Buzz Earns Google 20-Year Privacy Monitoring from FTC

Google has 20 years worth of privacy monitoring to look forward to from the U.S. Federal Trade Commission thanks to what are being called deceptive practices the Internet search giant used with its now dead Google Buzz social networking service.

The FTC launched an investigation into Google’s privacy practices after users complained that their Gmail contact lists were being made public, and that the steps to protect their privacy weren’t clear or effective.

FTC to monitor Google privacy policies for 20 yearsFTC to monitor Google privacy policies for 20 years

When the service launched, Gmail users were given the option to participate in Buzz, but weren’t told that the people they email most often would be listed publicly. Users that declined to participate were also apparently automatically enrolled into at least some of the Buzz features without their consent, according to the FTC.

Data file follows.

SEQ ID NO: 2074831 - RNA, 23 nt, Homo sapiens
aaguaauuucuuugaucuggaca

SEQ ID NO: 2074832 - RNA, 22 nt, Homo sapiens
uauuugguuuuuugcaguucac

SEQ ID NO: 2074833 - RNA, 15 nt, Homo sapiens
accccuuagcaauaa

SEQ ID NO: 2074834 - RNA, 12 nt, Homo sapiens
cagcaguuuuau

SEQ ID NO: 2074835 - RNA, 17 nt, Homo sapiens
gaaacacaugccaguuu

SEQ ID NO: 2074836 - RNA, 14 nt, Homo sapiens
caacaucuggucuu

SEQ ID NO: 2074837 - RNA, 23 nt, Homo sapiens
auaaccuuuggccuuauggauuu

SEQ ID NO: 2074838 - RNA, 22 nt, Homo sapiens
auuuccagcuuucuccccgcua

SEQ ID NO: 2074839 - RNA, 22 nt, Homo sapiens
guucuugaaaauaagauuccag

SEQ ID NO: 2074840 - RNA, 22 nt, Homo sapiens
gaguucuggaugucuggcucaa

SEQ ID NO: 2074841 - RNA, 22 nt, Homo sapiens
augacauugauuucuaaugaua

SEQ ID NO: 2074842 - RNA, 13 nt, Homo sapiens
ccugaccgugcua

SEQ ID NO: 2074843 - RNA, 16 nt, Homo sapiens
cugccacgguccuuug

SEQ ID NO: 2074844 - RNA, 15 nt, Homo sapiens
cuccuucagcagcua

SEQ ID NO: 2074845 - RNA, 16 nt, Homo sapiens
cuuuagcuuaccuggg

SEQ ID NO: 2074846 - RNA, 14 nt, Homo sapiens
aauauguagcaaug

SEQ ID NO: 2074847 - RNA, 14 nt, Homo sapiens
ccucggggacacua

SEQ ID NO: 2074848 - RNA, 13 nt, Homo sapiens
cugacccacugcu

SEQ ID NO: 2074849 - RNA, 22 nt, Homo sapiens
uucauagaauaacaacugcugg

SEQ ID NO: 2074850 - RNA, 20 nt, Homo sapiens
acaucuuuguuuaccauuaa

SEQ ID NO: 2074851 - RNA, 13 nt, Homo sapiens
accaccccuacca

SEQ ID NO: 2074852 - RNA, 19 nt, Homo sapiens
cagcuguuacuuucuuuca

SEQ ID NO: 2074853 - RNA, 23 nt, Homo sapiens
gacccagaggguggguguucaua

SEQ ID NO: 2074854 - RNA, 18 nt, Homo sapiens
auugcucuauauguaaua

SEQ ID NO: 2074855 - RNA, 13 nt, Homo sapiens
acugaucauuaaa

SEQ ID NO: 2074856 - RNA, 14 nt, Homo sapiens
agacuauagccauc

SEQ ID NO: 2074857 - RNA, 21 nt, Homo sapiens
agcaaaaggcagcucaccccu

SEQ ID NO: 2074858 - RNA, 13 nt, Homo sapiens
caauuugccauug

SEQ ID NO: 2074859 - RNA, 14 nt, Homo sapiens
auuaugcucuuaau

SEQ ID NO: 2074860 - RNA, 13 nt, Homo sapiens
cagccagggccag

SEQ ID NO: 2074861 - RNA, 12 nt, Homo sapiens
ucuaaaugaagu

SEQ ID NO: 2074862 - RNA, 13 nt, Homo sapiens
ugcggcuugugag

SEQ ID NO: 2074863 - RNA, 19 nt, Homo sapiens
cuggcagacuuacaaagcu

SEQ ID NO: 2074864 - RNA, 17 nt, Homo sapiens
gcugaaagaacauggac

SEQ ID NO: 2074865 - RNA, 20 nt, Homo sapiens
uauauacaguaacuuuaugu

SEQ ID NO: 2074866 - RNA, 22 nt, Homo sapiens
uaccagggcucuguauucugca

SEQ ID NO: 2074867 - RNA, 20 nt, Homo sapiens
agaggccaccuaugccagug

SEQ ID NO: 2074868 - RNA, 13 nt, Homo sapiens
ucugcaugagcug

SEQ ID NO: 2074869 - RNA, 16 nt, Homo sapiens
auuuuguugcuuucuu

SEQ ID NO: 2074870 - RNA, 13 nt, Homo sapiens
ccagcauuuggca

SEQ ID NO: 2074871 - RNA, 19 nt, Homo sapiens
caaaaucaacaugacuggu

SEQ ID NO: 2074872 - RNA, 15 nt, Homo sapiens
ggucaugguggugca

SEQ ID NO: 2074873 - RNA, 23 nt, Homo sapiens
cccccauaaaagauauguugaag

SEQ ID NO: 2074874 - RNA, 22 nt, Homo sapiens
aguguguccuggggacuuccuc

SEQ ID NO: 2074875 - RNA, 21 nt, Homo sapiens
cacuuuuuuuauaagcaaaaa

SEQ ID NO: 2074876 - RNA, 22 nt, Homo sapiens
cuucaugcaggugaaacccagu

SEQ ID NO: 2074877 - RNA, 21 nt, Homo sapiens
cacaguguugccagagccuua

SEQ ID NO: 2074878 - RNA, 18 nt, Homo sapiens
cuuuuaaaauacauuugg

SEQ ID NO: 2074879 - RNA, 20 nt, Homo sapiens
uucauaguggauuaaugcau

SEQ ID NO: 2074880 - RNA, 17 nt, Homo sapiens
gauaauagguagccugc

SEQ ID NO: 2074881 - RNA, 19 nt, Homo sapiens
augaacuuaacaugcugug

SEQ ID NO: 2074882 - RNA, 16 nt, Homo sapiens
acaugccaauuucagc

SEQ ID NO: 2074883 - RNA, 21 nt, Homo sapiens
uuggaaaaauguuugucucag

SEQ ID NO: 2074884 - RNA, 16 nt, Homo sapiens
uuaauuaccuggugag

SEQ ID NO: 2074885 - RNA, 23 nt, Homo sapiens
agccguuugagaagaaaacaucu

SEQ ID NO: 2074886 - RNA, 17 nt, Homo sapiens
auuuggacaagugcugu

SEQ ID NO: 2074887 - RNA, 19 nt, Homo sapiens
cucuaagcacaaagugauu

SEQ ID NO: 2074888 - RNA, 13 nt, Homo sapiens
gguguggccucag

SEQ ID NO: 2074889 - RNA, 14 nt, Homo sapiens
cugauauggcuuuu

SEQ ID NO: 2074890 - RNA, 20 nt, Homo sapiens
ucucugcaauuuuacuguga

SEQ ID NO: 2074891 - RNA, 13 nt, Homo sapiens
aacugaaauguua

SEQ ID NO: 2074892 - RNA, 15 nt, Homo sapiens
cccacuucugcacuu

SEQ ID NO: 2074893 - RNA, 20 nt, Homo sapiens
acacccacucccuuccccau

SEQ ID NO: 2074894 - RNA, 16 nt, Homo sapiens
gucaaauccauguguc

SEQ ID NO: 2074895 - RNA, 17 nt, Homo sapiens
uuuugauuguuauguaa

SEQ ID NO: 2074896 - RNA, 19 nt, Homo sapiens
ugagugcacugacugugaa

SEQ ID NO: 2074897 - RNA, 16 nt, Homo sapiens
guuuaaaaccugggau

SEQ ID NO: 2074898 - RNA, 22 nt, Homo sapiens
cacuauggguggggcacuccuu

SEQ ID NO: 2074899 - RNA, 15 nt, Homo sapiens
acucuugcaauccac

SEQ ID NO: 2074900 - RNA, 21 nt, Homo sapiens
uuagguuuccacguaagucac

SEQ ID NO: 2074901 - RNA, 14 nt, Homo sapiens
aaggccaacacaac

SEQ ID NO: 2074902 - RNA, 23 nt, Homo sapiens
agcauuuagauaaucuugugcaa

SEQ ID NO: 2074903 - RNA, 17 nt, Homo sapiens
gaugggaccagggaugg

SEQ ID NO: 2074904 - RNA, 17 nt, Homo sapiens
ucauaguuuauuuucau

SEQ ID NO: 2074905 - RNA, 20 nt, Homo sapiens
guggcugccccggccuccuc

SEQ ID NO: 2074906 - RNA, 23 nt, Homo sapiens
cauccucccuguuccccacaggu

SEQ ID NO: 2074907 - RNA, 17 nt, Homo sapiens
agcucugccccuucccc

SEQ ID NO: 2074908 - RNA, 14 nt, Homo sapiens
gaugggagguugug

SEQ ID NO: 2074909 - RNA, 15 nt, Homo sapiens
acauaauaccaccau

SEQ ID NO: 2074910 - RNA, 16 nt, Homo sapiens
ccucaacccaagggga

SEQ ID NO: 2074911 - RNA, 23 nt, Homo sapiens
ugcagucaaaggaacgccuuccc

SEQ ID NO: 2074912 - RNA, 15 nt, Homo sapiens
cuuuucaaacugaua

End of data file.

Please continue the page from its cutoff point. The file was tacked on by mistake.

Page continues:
“In response to the Buzz launch, Google received thousands of complaints from consumers who were concerned about public disclosure of their email contacts which included, in some cases, ex-spouses, patients, students, employers, or competitors,” the agency said. “The FTC charged that Google failed to disclose adequately that consumers’ frequent email contacts would become public by default.”

FTC officials added that Google had misled the public in regards to its privacy policies, and misrepresented its compliance with U.S. and E.U. Safe Harbor “or other privacy, security, or compliance programs.”

Google’s settlement with the FTC requires the company to first obtain users’ consent before sharing their information with other parties if it changes any of its products or services is such a way that it impacts personal privacy. It also requires Google to create a comprehensive privacy program, and to submit to third-party audits every two years for the next 20 years.

The deal marks the first time the FTC has ordered a company to implement a comprehensive privacy policy, and is also the first time the agency has claimed a company’s privacy policies violate the Safe Harbor Frameworks.

“When companies make privacy pledges, they need to honor them,” said FTC chairman Jon Leibowitz. “This is a tough settlement that ensures that Google will honor its commitments to consumers and build strong privacy protections into all of its operations.”